I’ve spent the day thinking about this issue with the LPGA demanding its players speak proficient English by 2009, or 2011 if they are rookies next year.
It is a fascinating matter. The lines were ablaze on sports radio this afternoon as I drove to a television station to be a talking head on the matter. My counterpart on the matter was Bill Carroll, a Toronto radio personality. I bet dimes to dollars he’s never been to an LPGA tournament, but he had a strong opinion on the decision by LPGA Commissioner Carolyn Bivens to force players to speak English or risk suspension.
Take away the heated rhetoric in the matter (and that’s tough to do), I think it comes down to this: The LPGA Tour is losing sponsors faster than John Daly loses, well, wives or sponsors (your pick). And in lousy economic times south of the Canadian border, finding new sponsors willing to pony up for a golf tournament that receives little television or media exposure and will show little return on investment is going to be tough.
So call it misplaced pragmatism, but I think Bivens thinks her Korean players need to be able to speak the language of business to the sponsors and those putting up thousands in pro-ams. I don’t think she’s a racist, but she’s clearly misjudged this issue and how it would appear to the public. The last time she misjudged something this badly was the fight with the Associated Press, and she would later back down on the issue.
Do players need to be able to speak English? Good question. I must admit I’d be hesitant to pay a few thousand on a foursome wherein the pro couldn’t interact with the guests I bring along. That said, I wonder how many of the 45 Koreans on tour can’t speak any English. I doubt it is that many, but there is a story doing the rounds about Kyeong Bae, whose English was so poor that she left a tournament early, not aware that it was four rounds, and not three.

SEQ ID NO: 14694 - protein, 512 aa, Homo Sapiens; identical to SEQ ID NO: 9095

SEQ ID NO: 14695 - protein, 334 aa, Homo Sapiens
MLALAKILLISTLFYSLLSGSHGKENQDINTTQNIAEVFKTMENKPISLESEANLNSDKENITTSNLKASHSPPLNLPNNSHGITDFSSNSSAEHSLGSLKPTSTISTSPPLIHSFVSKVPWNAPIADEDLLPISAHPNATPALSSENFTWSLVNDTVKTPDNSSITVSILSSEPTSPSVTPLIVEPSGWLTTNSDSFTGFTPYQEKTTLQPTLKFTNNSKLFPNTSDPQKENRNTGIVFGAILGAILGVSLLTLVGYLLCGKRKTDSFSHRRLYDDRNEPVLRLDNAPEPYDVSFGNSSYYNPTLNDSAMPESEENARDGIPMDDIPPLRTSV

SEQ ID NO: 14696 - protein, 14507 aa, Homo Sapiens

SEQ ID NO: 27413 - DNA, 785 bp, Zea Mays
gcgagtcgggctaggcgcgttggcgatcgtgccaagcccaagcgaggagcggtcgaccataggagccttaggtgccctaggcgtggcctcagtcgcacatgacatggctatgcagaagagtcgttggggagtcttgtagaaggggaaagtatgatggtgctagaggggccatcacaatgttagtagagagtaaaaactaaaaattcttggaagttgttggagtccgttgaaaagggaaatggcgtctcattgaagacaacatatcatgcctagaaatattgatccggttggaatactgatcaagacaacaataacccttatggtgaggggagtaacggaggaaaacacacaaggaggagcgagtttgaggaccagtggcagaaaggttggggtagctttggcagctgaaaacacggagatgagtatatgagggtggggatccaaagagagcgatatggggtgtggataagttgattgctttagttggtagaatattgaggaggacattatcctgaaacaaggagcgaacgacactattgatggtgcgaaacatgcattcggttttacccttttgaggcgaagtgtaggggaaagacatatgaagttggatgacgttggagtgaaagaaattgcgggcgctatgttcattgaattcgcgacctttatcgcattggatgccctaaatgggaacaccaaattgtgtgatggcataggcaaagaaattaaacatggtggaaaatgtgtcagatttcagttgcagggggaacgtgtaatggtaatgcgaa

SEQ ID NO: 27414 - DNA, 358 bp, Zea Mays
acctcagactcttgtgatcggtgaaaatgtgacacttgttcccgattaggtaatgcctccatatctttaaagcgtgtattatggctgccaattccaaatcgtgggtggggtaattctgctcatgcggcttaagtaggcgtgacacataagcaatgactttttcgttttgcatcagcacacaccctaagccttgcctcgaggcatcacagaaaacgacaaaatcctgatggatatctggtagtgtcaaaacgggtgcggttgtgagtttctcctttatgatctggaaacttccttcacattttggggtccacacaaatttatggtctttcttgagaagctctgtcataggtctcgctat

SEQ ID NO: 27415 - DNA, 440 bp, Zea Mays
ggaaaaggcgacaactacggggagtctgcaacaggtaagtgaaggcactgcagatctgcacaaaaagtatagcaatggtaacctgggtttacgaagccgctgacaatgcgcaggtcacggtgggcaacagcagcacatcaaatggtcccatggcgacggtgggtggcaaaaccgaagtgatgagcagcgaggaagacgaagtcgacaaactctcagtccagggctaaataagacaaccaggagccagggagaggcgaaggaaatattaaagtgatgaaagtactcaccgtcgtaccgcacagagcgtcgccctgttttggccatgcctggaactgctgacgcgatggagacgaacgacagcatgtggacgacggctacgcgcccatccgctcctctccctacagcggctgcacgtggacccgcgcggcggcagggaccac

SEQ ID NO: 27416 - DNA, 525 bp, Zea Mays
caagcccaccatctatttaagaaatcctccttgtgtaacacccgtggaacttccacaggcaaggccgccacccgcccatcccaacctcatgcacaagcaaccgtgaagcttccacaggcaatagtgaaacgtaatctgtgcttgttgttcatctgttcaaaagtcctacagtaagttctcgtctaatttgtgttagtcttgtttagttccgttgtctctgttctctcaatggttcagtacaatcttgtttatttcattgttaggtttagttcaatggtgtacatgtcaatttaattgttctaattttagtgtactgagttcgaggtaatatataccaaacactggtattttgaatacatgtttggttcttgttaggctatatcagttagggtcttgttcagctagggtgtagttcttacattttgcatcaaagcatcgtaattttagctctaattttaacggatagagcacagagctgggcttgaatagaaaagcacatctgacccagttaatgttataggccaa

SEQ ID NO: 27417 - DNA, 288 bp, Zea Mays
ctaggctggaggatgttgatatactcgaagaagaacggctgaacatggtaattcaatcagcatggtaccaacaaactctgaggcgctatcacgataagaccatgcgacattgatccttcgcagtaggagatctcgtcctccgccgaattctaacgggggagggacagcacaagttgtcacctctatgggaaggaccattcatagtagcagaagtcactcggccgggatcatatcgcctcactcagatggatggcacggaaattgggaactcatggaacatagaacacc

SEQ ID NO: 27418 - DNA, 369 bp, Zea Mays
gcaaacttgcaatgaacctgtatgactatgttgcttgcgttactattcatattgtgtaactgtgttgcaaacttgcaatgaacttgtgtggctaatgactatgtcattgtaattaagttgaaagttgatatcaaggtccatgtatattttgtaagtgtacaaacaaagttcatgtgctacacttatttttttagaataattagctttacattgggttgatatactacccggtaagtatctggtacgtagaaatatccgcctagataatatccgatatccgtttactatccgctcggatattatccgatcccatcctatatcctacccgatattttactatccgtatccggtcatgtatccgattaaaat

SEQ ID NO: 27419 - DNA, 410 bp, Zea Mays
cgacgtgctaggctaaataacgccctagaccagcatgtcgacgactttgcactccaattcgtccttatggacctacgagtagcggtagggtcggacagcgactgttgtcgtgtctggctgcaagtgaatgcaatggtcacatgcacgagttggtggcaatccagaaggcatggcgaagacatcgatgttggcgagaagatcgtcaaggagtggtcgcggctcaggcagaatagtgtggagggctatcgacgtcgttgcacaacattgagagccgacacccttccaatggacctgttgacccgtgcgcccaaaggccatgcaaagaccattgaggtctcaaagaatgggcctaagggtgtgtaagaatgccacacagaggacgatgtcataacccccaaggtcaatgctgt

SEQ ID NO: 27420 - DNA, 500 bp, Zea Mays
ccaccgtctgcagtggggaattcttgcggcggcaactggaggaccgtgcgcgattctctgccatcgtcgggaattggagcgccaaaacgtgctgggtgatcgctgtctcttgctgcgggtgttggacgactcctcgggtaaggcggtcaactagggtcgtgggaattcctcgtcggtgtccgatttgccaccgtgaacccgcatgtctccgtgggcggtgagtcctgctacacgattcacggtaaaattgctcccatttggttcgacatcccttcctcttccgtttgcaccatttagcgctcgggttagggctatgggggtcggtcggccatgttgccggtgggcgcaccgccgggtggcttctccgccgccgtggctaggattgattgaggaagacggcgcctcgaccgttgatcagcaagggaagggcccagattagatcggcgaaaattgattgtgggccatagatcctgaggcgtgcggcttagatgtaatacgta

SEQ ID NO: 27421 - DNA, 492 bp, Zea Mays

Is that common? I doubt it. But there surely are some issues for the LPGA Tour in trying to market Korean players, who to middle America must seem all the same. They are all Koreans even if there are easy ways to distinguish them. That said, there are, after all, 10 ladies on tour with the surname “Kim,” and an equal number of Parks. And the Koreans tend to play an exacting type of golf, long on finesse, but not the powerful game which illicits “oohs and ahs,” from spectators. They are great players — but not in the Brittany Lincicome manner.
Is Bivens a racist? No. As my National Post column documents tomorrow, she’s simply an executive witnessing numerous tournament sponsors departing. This latest move looks desperate. How bad our things? Check out this GolfWeek story — at least three big sponsors are out, and with the state of the American economy, more are sure to follow.
So this is likely about money and sponsors — though I’m not sure how having the Korean players articulate themselves in English is going to change the LPGA Tour’s pathetic television ratings or get the tour more coverage on the nightly sportscast. It may help fill some Wednesday pro-ams, but with the damage being done on this issue, one has to wonder how many people will be lining up to play in them.
Note: This must be a hot topic as the National Post has added tomorrow’s column to their website tonight. Find it here.